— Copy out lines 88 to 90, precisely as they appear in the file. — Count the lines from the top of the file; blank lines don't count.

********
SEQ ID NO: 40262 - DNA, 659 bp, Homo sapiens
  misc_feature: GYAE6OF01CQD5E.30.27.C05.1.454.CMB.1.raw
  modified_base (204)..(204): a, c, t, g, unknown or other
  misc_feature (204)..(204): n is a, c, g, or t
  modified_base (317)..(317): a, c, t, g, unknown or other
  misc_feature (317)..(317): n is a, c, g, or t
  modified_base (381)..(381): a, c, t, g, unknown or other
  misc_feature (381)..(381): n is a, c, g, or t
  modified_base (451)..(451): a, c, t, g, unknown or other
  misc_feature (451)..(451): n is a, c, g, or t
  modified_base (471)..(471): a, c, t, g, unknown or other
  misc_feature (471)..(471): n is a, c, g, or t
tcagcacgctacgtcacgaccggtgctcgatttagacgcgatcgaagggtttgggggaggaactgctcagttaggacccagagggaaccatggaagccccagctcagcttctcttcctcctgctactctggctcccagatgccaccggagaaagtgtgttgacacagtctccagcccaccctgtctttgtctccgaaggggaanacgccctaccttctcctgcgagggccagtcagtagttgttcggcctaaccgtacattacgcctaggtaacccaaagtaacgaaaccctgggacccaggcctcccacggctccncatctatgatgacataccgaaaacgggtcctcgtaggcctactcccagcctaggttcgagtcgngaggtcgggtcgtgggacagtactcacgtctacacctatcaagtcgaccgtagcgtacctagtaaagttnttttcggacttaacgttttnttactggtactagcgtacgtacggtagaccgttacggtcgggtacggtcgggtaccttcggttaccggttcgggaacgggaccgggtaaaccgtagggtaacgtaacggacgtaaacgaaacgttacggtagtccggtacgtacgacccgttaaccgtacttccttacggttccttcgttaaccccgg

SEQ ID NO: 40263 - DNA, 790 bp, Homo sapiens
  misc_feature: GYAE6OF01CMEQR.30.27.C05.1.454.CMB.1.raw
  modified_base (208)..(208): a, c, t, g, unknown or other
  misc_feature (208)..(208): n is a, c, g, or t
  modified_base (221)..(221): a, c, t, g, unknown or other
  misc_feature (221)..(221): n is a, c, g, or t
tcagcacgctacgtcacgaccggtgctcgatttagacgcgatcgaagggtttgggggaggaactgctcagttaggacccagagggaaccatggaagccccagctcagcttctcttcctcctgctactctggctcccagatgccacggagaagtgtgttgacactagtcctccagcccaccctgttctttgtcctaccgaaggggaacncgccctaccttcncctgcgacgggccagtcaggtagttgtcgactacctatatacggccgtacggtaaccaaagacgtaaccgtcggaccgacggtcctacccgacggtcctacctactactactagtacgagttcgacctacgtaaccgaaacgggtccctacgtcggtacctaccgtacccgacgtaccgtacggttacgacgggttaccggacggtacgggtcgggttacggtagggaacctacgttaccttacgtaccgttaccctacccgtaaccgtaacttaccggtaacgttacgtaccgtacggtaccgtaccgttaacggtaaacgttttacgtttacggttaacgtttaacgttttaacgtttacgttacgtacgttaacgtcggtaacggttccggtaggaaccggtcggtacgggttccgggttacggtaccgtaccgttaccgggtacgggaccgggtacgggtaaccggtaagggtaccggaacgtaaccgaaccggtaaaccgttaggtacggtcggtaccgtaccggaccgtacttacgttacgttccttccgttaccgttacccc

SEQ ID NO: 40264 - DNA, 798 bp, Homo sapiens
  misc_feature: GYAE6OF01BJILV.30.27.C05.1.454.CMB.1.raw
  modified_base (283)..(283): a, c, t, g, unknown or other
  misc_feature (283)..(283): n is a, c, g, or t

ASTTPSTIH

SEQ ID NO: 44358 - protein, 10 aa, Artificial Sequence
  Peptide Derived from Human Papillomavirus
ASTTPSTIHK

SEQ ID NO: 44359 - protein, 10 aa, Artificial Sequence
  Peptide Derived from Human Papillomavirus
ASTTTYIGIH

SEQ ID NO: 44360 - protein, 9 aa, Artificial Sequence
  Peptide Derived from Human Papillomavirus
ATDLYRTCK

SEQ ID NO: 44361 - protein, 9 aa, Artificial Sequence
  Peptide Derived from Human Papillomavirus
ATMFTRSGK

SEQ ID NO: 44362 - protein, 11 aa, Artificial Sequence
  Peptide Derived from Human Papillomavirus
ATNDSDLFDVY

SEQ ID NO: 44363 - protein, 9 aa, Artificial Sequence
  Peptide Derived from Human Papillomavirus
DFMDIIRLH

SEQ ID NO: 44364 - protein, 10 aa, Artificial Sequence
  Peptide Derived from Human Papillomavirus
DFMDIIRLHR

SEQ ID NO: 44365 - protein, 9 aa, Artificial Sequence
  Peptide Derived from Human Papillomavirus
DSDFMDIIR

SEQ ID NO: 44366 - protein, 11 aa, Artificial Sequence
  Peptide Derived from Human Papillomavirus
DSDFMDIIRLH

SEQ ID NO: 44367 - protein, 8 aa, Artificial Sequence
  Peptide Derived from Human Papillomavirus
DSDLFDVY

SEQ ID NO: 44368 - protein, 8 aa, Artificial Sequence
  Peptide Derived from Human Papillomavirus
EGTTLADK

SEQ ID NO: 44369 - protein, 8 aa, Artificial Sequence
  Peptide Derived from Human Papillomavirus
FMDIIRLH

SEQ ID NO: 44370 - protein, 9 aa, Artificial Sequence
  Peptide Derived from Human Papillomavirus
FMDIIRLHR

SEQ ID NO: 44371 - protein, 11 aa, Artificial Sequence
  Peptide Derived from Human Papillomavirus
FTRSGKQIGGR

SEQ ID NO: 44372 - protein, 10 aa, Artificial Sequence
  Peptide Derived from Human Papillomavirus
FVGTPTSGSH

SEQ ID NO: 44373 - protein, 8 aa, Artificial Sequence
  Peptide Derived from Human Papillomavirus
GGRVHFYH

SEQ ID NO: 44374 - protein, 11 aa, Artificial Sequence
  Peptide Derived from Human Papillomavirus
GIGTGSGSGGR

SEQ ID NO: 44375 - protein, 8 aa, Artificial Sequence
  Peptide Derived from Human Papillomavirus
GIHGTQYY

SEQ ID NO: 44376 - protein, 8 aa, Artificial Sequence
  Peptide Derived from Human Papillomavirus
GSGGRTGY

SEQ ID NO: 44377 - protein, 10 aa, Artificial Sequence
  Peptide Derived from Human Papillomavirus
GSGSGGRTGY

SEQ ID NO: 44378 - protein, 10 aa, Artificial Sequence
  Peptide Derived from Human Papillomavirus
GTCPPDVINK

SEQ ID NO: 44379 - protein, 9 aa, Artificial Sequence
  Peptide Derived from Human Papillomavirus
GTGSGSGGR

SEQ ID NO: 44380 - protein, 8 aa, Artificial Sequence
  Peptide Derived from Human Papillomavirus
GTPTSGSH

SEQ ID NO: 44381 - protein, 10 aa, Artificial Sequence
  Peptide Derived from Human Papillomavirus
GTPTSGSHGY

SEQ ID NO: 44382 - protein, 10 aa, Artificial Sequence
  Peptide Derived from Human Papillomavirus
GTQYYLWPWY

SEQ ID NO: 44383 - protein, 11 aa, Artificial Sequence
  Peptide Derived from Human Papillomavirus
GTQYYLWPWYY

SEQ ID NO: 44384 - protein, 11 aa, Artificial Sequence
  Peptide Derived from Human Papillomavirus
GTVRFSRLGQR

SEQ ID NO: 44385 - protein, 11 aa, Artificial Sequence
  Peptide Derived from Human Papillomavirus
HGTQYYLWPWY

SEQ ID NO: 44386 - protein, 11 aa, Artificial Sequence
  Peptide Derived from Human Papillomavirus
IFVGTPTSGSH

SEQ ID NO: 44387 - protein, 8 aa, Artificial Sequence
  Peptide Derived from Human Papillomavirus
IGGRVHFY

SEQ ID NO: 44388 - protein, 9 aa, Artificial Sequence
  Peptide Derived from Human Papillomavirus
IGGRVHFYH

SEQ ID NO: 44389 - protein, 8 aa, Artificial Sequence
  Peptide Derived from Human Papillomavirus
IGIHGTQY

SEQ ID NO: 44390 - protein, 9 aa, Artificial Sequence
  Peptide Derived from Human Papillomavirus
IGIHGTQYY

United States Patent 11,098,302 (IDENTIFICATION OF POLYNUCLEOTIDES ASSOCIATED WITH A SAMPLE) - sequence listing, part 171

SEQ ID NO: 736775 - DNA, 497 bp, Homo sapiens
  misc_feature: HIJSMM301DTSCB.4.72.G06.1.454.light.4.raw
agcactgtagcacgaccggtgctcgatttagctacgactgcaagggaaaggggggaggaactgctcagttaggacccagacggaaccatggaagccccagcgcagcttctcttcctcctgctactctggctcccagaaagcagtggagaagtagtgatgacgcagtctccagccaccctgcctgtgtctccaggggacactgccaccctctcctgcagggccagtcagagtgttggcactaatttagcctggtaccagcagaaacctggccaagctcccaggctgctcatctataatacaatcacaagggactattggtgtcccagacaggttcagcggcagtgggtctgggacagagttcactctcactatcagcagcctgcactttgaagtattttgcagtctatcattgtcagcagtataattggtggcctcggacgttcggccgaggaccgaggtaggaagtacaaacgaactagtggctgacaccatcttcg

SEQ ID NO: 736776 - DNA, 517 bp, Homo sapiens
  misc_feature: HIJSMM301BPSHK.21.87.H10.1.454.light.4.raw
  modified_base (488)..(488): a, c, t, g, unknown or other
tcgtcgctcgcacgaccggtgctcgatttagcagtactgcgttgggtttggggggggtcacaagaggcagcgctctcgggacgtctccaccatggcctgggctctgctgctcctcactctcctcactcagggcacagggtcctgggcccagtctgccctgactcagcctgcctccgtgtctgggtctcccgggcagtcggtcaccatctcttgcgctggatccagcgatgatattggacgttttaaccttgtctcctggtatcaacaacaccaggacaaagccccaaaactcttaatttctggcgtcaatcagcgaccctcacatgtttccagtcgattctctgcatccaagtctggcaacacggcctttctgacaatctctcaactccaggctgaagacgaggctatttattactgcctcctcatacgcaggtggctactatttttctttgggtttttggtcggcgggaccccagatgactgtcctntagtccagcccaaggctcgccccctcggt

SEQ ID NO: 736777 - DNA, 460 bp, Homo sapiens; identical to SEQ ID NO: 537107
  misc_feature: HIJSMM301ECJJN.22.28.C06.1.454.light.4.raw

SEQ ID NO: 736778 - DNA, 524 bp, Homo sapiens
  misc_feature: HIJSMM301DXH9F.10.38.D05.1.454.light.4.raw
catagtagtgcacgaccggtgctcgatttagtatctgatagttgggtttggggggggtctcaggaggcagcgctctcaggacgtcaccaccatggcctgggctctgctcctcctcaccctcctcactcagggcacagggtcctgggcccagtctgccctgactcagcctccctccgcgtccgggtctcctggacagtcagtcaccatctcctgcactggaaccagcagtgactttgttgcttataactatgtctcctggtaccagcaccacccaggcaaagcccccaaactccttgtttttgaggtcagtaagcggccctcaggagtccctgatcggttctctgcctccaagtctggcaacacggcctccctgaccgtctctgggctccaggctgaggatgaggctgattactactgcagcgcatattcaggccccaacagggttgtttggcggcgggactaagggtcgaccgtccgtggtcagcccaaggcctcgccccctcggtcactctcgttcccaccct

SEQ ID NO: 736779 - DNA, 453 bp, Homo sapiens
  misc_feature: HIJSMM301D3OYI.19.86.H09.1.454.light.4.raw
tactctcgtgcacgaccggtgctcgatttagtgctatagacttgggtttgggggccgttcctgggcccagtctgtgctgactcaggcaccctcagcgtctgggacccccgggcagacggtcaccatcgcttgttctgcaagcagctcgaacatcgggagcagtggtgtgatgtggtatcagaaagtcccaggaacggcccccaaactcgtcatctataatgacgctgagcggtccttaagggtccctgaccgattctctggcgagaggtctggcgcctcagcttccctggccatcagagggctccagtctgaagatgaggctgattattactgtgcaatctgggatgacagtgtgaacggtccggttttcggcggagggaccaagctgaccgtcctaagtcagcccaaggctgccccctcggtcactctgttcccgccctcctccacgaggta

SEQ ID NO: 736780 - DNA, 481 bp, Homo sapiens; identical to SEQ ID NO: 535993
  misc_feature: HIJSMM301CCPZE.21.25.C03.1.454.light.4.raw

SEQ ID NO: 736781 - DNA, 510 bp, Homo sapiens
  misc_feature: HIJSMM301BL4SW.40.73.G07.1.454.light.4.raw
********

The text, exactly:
GTCPPDVINK

SEQ ID NO: 44379 - protein, 9 aa, Artificial Sequence
  Peptide Derived from Human Papillomavirus